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"If I'm occasionally a little over-dressed, I make up for it by being immensely over-educated." Oscar Wilde, The Importance of Being Earnest.
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June 19, 2010: I've launched a new version of this website as a Wordpress blog. This version won't be updated anymore.
If you don't see the images of a review, it means that I've transferred it to the new site.

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Gus and Waldo
Frater Mine #6-7
Subscribe to the GCL
So Super Duper #6
Shirtlifter #3



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Entries for December 2008:
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Saturday, December 27, 2008
Blog review
If you don't see the images of a review, it means that I've transferred it to the new site.

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Gus and Waldo

Category: humor.
Author(s): Massimo Fenati.
Year of publication: 2006-.

This is completely loopy. In fact, it is more than a little silly, as well as very funny and completely romantic.
Gus & Waldo is a series of small-sized books telling the story of two (male) penguins in love, by Italian author Massimo Fenati. Three books have already been published by Orion Books UK: Gus & Waldo's Book of Love (2006), Gus & Waldo's Book of Fame (2007) and Gus & Waldo's Book of Sex (2008).
from the first bookIn the Book of Love, two lonely penguins spend their days unable to enjoy themselves, until they meet each other and, of course, instantly fall madly, deeply in love. But even the path to true love has its bumps...

second coverfrom the second book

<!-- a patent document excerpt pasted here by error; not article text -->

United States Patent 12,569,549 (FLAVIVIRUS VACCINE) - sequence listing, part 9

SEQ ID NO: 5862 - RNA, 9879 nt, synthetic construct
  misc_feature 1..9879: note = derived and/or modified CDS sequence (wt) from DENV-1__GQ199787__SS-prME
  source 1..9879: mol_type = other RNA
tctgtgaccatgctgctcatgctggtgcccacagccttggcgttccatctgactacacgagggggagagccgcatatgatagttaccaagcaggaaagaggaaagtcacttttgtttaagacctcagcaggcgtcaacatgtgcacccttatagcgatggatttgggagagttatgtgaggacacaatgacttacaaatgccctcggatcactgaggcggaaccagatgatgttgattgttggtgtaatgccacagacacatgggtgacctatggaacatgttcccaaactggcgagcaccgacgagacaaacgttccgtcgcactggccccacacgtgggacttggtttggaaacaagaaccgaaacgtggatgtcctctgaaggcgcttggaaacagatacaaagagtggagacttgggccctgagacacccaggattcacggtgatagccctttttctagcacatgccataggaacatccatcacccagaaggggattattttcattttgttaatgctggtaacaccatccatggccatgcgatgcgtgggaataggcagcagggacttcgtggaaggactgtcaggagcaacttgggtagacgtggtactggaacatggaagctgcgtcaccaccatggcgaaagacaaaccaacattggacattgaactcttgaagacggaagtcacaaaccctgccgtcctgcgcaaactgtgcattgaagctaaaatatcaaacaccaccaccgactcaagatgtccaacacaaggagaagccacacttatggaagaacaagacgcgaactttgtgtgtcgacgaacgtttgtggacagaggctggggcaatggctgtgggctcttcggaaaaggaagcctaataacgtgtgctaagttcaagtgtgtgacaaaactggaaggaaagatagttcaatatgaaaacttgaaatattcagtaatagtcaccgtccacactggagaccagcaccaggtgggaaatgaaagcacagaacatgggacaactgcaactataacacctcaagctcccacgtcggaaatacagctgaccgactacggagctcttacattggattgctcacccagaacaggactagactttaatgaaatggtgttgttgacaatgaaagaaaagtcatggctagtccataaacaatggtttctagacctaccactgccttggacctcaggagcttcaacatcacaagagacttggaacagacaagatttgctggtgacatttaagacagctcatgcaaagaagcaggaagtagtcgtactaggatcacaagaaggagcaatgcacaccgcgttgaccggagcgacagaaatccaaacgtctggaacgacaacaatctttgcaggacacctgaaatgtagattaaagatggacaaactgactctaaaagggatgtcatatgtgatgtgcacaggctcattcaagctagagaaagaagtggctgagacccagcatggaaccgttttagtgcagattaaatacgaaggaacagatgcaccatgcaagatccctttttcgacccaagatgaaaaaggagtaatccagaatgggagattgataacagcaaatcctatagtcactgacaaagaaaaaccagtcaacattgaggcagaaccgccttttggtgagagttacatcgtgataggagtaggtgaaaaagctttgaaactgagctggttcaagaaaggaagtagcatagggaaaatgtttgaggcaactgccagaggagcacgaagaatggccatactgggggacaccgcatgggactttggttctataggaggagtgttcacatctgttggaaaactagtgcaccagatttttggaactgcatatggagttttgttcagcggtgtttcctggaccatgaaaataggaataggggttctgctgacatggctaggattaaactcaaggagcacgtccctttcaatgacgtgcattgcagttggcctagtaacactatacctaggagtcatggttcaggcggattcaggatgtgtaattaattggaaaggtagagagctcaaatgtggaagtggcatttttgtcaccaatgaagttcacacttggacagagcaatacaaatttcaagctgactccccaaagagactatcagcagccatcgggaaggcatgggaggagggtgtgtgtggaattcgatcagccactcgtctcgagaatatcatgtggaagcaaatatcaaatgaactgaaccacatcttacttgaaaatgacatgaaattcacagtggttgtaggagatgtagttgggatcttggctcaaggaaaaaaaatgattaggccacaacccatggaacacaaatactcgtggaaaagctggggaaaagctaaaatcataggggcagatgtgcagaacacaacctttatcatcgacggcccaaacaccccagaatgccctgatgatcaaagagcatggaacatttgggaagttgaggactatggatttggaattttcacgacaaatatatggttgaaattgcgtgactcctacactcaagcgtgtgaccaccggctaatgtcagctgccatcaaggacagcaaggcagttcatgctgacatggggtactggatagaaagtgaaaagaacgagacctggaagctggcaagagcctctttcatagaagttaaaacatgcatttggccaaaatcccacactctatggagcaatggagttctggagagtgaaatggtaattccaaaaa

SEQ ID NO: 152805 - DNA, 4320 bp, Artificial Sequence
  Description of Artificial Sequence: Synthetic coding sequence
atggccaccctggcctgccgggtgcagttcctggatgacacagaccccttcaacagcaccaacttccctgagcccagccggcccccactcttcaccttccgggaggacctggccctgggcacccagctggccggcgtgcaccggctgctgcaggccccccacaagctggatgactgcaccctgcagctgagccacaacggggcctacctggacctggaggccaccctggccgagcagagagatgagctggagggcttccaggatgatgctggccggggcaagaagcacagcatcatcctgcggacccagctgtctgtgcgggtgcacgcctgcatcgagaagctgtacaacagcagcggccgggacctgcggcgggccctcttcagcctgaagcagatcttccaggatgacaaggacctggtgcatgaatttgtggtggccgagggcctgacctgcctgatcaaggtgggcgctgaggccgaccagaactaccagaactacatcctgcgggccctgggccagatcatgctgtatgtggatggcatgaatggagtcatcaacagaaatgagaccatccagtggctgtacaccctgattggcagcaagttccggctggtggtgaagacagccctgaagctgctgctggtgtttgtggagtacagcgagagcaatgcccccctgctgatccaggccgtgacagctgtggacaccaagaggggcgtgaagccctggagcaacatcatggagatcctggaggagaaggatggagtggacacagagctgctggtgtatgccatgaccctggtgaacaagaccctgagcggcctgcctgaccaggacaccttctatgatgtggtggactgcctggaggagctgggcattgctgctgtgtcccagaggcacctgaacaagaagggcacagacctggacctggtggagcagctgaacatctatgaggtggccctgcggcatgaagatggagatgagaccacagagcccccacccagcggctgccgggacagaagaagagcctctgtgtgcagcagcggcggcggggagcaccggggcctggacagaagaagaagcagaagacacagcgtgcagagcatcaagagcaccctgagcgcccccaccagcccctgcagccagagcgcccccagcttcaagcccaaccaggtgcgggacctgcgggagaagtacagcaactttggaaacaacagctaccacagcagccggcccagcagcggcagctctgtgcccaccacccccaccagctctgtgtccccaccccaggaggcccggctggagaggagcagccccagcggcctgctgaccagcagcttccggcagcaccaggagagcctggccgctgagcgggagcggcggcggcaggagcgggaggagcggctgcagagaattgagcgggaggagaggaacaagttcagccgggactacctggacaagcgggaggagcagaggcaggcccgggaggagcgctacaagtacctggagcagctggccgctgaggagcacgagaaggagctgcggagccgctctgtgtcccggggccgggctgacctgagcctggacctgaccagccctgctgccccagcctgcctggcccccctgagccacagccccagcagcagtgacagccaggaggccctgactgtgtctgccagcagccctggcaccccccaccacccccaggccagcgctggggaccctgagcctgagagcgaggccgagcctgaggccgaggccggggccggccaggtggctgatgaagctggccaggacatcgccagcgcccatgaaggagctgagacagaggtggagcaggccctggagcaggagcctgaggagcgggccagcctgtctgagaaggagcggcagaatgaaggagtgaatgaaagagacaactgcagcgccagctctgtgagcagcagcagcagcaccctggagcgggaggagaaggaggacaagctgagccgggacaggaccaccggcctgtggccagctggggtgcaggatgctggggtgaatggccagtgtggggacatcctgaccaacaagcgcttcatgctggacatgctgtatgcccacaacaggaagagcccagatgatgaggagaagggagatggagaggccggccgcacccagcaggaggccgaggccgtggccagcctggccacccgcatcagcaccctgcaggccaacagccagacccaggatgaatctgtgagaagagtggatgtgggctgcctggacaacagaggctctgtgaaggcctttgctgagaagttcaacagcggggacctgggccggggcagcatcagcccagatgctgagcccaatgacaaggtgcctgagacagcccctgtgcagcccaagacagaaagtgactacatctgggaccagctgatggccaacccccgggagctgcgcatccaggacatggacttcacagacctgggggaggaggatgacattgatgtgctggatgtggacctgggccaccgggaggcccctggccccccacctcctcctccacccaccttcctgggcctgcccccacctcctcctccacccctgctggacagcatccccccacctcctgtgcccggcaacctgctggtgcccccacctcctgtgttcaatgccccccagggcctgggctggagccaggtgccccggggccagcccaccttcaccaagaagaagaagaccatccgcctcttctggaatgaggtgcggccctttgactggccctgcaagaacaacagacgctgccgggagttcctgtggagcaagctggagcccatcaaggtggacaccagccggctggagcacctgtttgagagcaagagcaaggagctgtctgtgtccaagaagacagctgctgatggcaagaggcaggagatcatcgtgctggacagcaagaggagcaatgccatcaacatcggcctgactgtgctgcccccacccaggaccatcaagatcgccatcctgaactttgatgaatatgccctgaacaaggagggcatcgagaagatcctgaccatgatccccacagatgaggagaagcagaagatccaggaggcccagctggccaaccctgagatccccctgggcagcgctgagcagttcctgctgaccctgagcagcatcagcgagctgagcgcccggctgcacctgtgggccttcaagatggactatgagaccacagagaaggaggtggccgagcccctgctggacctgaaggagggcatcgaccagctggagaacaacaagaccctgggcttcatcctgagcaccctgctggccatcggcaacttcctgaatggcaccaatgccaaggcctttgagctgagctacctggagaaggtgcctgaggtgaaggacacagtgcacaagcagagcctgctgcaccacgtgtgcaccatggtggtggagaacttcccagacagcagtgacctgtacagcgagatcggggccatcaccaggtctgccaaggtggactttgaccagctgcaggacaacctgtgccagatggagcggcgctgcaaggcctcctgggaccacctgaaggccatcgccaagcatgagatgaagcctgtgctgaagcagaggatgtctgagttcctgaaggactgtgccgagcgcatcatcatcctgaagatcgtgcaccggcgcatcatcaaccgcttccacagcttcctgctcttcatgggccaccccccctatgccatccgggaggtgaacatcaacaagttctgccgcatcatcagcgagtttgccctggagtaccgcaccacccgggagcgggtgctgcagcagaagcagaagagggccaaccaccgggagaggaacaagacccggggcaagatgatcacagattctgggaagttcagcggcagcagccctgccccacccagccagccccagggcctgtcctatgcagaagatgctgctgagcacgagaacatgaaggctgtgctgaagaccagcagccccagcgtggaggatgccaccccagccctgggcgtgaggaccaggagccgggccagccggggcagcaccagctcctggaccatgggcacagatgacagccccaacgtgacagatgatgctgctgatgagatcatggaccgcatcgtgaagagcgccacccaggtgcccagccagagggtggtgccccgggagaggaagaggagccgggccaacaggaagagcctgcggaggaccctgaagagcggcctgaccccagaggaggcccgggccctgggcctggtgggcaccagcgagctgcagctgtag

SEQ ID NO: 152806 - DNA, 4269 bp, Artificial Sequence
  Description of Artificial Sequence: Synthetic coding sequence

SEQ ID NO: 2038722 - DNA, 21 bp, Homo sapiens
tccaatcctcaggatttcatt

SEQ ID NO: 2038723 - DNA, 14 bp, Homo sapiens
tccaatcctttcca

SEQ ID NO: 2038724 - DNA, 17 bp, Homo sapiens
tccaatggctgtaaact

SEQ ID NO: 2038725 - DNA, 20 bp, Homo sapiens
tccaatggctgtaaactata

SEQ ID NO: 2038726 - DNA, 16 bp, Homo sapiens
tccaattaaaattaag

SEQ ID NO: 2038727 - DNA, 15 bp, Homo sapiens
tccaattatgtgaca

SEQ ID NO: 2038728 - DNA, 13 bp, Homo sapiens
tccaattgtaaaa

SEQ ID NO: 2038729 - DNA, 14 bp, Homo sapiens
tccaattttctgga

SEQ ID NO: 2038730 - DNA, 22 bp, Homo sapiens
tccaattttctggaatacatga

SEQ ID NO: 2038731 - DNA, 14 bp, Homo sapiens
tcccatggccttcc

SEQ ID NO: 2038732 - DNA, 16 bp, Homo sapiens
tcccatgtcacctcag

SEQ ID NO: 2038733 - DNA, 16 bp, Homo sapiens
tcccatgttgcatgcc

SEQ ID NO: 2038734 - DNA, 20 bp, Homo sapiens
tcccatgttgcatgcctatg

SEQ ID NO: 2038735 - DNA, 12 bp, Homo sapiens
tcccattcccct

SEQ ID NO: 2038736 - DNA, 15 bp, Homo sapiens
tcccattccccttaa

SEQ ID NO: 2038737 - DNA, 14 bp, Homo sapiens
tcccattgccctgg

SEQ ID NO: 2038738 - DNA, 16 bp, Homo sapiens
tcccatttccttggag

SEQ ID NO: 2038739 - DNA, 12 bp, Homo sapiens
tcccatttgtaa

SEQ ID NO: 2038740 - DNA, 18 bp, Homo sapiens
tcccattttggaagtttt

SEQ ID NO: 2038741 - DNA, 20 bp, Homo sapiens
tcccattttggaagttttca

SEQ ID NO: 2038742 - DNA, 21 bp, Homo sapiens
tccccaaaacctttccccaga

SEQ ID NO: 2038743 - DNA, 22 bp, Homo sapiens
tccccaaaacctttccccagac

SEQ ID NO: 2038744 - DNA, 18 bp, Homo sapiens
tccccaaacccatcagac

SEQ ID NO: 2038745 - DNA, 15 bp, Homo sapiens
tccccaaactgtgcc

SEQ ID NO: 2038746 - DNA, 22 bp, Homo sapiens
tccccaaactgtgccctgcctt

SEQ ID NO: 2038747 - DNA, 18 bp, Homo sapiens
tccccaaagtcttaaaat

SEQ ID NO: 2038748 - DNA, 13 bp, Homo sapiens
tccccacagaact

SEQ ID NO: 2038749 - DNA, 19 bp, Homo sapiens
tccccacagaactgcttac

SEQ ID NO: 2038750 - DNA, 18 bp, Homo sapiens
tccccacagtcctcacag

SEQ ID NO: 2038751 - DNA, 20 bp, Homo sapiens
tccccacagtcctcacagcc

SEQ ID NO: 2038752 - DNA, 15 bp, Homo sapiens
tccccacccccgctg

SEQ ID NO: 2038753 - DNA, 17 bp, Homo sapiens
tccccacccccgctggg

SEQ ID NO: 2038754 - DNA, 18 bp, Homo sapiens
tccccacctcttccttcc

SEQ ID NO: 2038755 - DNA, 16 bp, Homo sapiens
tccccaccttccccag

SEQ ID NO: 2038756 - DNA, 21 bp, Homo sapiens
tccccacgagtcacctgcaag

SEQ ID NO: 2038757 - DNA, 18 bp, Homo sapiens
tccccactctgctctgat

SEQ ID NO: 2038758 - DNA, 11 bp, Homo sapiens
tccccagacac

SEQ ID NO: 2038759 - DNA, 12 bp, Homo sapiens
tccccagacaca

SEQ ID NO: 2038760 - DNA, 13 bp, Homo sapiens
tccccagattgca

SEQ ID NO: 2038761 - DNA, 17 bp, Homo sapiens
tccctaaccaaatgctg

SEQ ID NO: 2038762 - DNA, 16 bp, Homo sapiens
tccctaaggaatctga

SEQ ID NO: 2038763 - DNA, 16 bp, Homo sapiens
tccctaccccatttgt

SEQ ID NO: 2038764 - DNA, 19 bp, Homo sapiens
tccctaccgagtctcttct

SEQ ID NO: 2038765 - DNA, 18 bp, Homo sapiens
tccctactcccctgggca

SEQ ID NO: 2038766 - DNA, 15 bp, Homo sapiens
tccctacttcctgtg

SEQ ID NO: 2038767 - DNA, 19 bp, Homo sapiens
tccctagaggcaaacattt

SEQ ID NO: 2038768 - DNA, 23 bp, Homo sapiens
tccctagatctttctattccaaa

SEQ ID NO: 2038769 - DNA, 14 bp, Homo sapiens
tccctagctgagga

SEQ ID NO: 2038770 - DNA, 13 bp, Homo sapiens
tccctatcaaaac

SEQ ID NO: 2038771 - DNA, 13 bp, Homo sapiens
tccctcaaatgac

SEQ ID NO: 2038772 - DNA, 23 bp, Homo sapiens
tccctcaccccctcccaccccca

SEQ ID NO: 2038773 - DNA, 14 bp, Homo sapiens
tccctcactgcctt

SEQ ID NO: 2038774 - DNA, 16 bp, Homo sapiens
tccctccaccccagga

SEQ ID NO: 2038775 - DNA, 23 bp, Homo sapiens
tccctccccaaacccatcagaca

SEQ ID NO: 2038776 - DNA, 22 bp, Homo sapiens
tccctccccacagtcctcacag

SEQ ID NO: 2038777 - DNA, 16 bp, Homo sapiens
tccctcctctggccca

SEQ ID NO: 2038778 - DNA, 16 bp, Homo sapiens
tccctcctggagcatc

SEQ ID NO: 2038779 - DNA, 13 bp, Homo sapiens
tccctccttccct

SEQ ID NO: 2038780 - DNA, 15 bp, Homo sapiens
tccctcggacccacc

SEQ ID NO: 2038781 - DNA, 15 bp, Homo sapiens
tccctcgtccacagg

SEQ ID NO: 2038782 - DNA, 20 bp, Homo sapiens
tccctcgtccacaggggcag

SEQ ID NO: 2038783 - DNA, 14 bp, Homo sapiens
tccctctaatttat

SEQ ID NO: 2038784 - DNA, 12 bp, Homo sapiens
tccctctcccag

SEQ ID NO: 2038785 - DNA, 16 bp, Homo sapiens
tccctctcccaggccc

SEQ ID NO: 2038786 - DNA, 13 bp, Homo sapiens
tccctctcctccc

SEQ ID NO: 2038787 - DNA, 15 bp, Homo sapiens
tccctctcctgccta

The second story sees Gus and Waldo attain world-wide fame, with the attendant wealth and ego-boost. But fame has a price, and privacy is its first victim...

third coverfrom the third book

Finally, in the Book of Sex, Gus and Waldo's varied sex life eventually hits a snag, and they'll have to search high and low for the remedy to their plight.

Each of those three 96-page books is structured the same way: the two lovers finds themselves facing a distinct problem, but of course, things end up even better than they started. Massimo Fenati uses a lot of the characteristics of children's books, in tone as well as in presentation, for what could be called a fairytale for adults.
His art is simple and clean, and the pages are often filled with little details, such as parodies of well-known brands or titles, all dressed in bright colors. And there's one sentence per page, for one full-page illustration, another characteristic of children's books. The publisher has also done a good job: those almost square little hardcovers (around 5.5 in) are printed on thick paper, with a sturdy spine that enables the reader to open them flat.
Humor also plays a big part in the charming atmosphere of the books, as you can see from the excerpts above.

You can see more pages from the books at the author's site, and you can find the books at Amazon, although they're imported, and I haven't seen the latest one there yet (it's at Amazon UK, though).

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Wednesday, December 17, 2008
Review update
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Frater Mine #6-7

Author(s): Sean McGrath, Juan Romera.

6th issue CoverThe seventh and latest issue of Frater Mine has recently been published, so I thought I'd tell you about it (and the previous issue, which I'd missed).